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“Knowledge As a Non-factive Mental State” - Mouhamadou El Hady BA (Cheikh Anta Diop University, Senegal/University of Connecticut)

Mouhamadou El Hady BA
Mouhamadou El Hady BA
University of Connecticut & Cheikh Anta Diop University
Peabody Hall, Room 115
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In this talk I will defend Williamson's contention that knowing is a mental state but will argue that such a mental state cannot be factive. I will first develop a mini-formalism showing that to establish knowledge as a factive mental state, not only must Williamson abandon the luminosity thesis of as he is willing to do; but also should he adopt the stronger thesis according to which we are never able to distinguish between what we know and what we think we know. 

This formalization applies differently depending on whether one is an internalist or an externalist. Within an internalist framework, the falsification of Williamson's view is straight: we cannot argue that knowing is a factive mental state without being vulnerable to the simplest skeptical objection. If one is an externalist, the refutation is less striking. An externalist must provide a mechanism for regular covariation between the world and our factive mental states if he doesn't want to sink into skepticism. I will argue that providing such a mechanism is impossible.

Two problems arise if we accept, as I propose to do, that knowledge is a non factive mental state. First there is a problem with the nature of this mental state and second that of the relationship between knowledge and justification. To solve these problems, I will build on Robert Demolombe modal logic formalization of belief and knowledge and on psychological work on metacognition to explain why the illusion of factivity arise and why it is important for the development of scientific practice.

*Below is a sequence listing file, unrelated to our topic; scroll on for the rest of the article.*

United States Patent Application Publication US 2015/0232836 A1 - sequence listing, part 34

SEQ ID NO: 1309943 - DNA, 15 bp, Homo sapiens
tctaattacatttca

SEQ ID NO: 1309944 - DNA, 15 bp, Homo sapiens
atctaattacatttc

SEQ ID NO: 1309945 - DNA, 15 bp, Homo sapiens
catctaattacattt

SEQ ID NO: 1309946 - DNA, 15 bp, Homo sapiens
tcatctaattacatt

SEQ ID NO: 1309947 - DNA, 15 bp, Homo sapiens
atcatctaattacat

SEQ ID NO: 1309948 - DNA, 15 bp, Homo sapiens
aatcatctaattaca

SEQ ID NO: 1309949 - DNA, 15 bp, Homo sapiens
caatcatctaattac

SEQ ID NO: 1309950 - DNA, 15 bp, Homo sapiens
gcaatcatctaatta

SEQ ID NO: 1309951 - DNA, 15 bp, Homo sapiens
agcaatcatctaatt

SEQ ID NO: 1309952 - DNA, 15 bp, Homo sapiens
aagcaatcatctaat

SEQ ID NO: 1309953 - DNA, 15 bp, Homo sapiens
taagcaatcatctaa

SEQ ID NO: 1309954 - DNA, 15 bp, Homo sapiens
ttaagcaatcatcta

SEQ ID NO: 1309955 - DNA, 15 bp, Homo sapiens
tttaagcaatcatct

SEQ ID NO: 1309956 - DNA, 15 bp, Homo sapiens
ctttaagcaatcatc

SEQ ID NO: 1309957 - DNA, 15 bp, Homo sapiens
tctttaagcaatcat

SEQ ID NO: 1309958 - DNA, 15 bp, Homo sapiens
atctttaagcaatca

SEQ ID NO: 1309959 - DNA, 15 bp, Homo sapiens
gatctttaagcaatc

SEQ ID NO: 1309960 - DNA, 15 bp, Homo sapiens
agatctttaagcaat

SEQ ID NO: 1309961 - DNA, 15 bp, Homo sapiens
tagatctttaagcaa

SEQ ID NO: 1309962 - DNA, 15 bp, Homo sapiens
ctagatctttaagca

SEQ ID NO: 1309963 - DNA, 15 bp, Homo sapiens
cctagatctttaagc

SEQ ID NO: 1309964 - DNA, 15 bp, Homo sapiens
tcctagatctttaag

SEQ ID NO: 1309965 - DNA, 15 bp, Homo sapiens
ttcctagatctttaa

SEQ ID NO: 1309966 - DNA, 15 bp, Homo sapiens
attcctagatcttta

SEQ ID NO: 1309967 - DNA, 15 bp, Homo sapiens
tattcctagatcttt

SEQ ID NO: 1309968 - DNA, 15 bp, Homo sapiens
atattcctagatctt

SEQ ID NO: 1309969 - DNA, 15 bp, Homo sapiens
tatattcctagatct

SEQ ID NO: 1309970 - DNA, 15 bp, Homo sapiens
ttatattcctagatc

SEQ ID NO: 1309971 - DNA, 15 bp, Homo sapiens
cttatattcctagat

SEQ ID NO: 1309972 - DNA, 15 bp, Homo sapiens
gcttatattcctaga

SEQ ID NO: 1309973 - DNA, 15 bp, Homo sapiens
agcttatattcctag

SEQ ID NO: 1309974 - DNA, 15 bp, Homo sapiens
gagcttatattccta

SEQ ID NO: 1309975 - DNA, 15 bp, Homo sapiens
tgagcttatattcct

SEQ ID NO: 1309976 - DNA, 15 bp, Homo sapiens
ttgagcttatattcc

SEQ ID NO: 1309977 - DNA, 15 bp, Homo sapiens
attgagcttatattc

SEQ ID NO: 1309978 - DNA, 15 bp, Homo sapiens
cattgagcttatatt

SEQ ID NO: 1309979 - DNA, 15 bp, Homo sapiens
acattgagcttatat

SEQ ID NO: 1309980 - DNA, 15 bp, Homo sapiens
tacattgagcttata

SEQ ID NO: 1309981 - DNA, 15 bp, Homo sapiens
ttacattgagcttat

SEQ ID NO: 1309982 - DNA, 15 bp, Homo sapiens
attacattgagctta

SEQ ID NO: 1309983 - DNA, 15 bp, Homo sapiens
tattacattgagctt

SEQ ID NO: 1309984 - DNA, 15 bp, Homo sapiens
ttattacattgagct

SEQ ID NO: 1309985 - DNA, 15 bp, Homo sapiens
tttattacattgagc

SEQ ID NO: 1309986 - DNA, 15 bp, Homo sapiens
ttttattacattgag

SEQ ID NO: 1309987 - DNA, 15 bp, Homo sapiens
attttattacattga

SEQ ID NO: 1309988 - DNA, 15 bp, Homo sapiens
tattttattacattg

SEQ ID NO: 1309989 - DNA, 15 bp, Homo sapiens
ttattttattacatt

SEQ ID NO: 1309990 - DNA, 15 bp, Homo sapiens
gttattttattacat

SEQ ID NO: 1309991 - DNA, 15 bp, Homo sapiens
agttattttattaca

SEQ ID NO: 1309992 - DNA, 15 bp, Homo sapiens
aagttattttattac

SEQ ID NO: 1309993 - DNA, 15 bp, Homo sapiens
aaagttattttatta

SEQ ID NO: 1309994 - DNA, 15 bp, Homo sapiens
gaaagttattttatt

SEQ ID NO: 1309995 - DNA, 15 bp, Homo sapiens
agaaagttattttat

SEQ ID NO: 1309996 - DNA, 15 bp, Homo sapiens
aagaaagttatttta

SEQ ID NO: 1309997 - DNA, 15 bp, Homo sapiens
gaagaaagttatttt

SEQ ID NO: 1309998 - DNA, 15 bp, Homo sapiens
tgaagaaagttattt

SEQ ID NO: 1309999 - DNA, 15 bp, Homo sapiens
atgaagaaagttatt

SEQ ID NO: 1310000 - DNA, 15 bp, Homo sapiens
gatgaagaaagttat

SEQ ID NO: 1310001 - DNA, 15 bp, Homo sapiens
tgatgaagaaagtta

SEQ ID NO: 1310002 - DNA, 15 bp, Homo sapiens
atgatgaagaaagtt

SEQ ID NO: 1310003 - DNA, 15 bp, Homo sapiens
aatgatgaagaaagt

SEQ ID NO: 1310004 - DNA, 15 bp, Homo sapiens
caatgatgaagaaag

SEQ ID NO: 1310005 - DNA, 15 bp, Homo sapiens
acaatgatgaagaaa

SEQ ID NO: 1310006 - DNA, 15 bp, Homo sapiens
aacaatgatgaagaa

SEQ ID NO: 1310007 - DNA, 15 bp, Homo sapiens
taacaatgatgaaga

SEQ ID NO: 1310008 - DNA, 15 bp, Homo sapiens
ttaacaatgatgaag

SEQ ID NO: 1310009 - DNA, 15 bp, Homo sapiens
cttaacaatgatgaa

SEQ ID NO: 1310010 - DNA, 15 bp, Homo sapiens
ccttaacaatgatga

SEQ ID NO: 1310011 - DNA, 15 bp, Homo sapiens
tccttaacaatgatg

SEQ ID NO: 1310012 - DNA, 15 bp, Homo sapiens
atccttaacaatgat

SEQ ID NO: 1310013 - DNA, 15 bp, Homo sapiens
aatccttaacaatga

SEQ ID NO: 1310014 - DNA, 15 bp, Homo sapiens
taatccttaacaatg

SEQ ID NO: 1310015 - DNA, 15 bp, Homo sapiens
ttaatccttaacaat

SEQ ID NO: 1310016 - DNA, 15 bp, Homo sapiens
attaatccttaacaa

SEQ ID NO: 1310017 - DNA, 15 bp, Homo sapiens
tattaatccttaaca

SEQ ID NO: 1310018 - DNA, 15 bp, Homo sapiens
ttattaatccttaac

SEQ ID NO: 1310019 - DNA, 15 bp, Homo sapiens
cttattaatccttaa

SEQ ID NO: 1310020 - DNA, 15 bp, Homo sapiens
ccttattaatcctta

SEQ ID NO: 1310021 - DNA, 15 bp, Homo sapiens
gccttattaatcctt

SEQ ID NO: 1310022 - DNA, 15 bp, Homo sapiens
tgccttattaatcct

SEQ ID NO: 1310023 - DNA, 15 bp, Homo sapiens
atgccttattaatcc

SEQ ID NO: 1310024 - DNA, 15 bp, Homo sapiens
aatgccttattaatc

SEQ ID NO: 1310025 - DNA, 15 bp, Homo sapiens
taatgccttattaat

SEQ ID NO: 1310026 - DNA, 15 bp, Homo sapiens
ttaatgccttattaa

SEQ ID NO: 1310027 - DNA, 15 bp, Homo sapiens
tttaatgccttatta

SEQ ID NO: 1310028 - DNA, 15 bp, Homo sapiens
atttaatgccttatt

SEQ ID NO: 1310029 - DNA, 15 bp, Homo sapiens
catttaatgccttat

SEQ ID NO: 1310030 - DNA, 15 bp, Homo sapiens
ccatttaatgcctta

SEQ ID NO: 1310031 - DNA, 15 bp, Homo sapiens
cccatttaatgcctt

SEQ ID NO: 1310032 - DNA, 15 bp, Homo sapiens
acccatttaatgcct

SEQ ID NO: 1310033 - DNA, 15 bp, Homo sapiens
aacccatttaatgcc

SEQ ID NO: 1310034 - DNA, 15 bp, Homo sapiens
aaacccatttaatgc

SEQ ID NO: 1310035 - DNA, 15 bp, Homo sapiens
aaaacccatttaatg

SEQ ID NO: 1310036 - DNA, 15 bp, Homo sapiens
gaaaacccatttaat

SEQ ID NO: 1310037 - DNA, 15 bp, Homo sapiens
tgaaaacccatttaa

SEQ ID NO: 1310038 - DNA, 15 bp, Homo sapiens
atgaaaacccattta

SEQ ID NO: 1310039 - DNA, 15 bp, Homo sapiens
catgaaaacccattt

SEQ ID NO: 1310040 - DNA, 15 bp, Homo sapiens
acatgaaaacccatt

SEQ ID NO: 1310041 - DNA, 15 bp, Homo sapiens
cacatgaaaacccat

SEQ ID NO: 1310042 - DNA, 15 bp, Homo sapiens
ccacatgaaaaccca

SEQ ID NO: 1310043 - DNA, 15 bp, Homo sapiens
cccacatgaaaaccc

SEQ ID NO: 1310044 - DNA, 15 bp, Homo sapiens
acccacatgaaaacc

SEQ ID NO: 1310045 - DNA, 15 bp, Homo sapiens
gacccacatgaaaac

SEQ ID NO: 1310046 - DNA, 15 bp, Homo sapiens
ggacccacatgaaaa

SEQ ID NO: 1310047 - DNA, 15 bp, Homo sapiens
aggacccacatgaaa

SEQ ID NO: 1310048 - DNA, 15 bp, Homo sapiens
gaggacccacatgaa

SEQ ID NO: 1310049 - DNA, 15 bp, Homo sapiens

Mouhamadou El Hady Ba is the head of the Philosophy Department at Cheikh Anta Diop University’s Teachers College (Senegal) and an Associate Research Scholar in the Philosophy Department of the University of Connecticut at Storrs.

Dr. Ba holds a PhD in Cognitive Science from The Jean Nicod Institute in Paris and is a former Fulbright Research Scholar affiliated with UConn’s Philosophy Department and The IAS at Columbia University. He’s been an Invited Professor at the EHESS in Paris, an invited Researcher at the University of Turin, and an International Supporting Faculty at the School of Collective Intelligence of Mohamed 6 Polytechnique University in Morocco. 

Dr. Ba has published research papers in Linguistics, Epistemology, Psychology and Political Philosophy. He’scurrently finishing a book about the so-called ‘epistemologies from the South.’ and has an ongoing project on animal cognition, comparing human and non-human cognition.

During the pandemics, Dr. Ba was a member of the International Collaboration on the Social & Moral Psychology (ICSMP) of COVID-19 that brought together more than 250 scholars from around the globe to examine psychological factors underlying the attitudes and behavioral intentions related to COVID19.

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